MADISON, Wis. You should’ve known by now that it wouldn’t last, but I’m not just talking about Fran McCaffery controlling his temper.
You also should’ve known that at some point in the second half Ben Brust and the Wisconsin Badgers would catch fire from 3-point range.
And you probably should’ve known that Iowa wouldn’t have an answer for it.
The fourth-ranked Badgers made 10 3-point baskets, including 6-of-9 in the second half and overcame an 11-point halftime deficit to defeat No. 22 Iowa 75-71 Sunday at the Kohl Center.
The momentum already had shifted to Wisconsin’s side when McCaffery was called for two technical fouls with Iowa leading 41-40 with 11 minutes, 51 seconds left in the second half.
Wisconsin senior guard Ben Brust then made four consecutive free throws and freshman forward Nigel Hayes made another, forcing the Hawkeyes to spend the rest of the second half playing catch up, while McCaffery watched his team lose for just the third time this season from the locker room inside the Kohl Center.
McCaffery declined to talk about what led to him being ejected for the second time as the Iowa coach, but it came after Iowa junior center Gabe Olaseni was called for a defensive foul. McCaffery already was fuming by the time Olaseni was whistled for the foul because you could’ve argued that Olaseni was fouled on Iowa’s previous offensive possession.
And, boy, did McCaffery argue, at least on the court. The fear of being punished for criticizing the officials kept him from going off after the game.
“I can’t address that,” McCaffery said. “As much as I would like to, I can’t.”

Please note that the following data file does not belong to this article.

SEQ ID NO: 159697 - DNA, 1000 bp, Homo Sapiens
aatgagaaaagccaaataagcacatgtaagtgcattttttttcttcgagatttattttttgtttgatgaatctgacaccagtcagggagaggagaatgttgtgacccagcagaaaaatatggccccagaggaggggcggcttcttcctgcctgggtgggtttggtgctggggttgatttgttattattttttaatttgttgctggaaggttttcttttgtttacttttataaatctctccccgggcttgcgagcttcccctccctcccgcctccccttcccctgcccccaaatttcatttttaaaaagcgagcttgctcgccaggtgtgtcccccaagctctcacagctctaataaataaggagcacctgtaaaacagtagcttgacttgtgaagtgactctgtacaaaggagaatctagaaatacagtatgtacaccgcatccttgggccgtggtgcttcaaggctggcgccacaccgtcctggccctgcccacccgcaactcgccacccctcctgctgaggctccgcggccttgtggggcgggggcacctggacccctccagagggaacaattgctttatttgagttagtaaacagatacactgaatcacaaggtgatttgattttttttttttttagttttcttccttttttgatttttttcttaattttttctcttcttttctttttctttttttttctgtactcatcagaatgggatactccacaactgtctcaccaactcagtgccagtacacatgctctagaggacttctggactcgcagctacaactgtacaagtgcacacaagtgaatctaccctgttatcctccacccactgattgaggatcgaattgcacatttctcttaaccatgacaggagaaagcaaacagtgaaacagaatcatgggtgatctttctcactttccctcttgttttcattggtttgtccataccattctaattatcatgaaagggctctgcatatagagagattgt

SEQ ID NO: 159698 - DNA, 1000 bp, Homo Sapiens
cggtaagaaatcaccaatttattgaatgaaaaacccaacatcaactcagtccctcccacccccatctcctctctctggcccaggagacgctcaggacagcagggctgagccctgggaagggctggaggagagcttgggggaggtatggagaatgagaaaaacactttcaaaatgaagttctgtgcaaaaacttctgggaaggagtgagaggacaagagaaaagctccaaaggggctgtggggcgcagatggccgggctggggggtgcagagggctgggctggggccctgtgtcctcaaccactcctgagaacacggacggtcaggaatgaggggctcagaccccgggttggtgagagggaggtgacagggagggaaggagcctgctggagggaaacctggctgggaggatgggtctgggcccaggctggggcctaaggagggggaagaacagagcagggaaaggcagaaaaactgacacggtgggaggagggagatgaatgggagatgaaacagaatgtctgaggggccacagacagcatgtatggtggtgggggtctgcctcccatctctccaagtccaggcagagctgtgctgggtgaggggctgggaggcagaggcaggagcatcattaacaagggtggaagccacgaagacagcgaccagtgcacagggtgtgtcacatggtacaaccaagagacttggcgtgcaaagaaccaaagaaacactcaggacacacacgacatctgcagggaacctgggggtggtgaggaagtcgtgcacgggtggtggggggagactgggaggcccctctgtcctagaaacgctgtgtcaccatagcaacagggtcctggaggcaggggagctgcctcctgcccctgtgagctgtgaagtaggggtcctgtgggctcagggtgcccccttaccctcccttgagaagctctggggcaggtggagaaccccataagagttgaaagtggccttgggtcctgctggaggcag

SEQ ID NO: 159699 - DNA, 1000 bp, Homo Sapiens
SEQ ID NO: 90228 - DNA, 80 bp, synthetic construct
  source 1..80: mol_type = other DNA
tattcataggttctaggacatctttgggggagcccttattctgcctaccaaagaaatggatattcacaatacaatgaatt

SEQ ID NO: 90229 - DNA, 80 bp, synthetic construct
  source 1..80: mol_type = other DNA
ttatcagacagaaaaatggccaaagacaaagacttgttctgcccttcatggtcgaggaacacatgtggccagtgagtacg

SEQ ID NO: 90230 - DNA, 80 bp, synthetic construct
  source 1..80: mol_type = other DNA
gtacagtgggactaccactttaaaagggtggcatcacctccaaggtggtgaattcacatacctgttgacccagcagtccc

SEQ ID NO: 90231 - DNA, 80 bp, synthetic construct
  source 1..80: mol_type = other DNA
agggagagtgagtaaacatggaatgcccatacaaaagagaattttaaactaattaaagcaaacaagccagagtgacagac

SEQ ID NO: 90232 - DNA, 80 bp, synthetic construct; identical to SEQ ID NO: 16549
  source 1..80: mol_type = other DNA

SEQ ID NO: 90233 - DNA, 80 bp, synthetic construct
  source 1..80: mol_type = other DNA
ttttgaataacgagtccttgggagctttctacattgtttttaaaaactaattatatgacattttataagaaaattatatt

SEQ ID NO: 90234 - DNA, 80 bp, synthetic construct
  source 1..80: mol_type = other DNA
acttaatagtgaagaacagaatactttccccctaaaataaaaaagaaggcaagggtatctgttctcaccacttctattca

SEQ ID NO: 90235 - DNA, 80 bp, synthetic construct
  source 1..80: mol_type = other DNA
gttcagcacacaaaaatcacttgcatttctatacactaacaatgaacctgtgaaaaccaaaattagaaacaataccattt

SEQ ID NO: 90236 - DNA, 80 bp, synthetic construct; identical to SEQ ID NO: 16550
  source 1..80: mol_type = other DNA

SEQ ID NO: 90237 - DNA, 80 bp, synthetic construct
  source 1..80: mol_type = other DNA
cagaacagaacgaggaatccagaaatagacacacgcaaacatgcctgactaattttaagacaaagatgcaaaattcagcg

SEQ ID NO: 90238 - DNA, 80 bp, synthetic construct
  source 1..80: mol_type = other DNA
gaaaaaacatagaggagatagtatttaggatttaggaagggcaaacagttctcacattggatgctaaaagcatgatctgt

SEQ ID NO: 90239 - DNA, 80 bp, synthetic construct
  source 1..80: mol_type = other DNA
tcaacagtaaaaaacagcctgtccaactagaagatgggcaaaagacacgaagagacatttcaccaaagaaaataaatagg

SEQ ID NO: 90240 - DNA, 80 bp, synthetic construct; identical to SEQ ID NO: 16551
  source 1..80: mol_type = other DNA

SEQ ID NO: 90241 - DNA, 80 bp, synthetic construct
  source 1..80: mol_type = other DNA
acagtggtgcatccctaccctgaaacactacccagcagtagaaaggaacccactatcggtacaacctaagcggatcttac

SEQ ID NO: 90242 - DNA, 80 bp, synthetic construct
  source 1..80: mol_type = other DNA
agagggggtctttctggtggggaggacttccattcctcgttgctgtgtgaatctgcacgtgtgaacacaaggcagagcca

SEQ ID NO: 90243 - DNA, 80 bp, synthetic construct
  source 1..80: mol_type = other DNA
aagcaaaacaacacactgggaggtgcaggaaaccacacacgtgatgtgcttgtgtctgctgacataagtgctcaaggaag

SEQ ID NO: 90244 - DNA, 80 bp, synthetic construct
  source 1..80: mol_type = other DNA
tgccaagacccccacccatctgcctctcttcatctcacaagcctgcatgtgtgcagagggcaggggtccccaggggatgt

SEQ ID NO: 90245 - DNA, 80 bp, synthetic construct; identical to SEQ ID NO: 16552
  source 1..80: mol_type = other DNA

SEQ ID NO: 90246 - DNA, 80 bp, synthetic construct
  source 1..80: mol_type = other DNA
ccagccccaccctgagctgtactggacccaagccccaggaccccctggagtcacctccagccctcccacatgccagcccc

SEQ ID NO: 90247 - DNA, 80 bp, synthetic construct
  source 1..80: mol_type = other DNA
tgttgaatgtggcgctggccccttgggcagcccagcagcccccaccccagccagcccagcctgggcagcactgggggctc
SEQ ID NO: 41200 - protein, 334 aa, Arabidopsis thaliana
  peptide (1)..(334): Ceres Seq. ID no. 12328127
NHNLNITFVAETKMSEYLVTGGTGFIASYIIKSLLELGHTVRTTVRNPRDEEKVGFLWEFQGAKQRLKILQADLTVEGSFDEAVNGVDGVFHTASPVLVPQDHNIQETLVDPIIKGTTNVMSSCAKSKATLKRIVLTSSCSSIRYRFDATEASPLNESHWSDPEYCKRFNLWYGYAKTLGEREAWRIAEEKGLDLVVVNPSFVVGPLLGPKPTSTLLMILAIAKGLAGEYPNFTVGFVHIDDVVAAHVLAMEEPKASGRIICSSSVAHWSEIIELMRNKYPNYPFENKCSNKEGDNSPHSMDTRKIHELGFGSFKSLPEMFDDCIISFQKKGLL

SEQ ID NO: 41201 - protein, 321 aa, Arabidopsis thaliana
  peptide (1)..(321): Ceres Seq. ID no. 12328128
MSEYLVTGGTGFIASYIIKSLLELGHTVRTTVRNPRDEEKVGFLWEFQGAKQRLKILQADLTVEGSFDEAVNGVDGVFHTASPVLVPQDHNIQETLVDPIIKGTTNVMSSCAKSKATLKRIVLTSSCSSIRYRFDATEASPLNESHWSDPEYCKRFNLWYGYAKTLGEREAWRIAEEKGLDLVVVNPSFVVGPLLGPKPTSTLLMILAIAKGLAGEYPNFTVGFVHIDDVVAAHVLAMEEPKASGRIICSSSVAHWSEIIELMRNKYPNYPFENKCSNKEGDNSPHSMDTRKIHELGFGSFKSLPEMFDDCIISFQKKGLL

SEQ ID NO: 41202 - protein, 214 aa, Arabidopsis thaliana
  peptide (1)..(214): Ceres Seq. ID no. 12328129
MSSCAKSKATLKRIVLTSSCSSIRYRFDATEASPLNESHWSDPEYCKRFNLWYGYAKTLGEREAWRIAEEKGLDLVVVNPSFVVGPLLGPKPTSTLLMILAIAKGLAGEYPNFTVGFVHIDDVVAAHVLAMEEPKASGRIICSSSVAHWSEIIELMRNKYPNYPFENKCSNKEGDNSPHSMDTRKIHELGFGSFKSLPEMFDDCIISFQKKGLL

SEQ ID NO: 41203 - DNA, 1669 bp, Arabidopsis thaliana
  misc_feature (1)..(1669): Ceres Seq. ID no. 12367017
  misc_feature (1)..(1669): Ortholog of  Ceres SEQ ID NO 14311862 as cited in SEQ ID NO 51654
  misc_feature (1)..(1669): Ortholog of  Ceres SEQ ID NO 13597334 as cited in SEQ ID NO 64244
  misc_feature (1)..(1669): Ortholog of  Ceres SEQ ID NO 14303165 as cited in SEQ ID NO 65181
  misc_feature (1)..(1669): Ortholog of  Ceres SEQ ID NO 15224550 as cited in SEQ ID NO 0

McCaffery said he regretted getting the second technical, but was hardly apologetic, nor did he feel that his ejection cost Iowa (12-3) the game.
“What I feel bad about is getting the second one,” McCaffery said. “I think the first one, it’s safe to say I probably went after that one a little bit.”
McCaffery denied that he made contact with an official near mid-court. He also doesn’t think he will be disciplined by the Big Ten Conference.
“I got two (technical fouls), why would I be disciplined?” McCaffery asked.
Reporters kept trying to get McCaffery to comment on the incident, but he kept resisting.
“I would love to go there with you and kind of explain to you my perspective, but it’s not allowed by rules,” McCaffery said. “I know that’s what you guys want to talk about.”
McCaffery huddled with players and tried to motivate them before leaving the court, but instead it was the undefeated Badgers (15-0) who fed off the heat of the moment.
“I think at that point we were not the same as we were in the first half, I think that’s safe to say at the start of the second half,” McCaffery said. “And you could talk about any number of reasons why that was the case. The momentum was shifting clearly for a variety of reasons and some of which was under our control and some of it was not.”
The temperature outside of the Kohl Center probably was the only thing colder than Wisconsin’s shooting in the first half. The Badgers missed 12 of their first 13 shots from the field and made only 8-of-30 field-goal attempts in the first 20-minute session.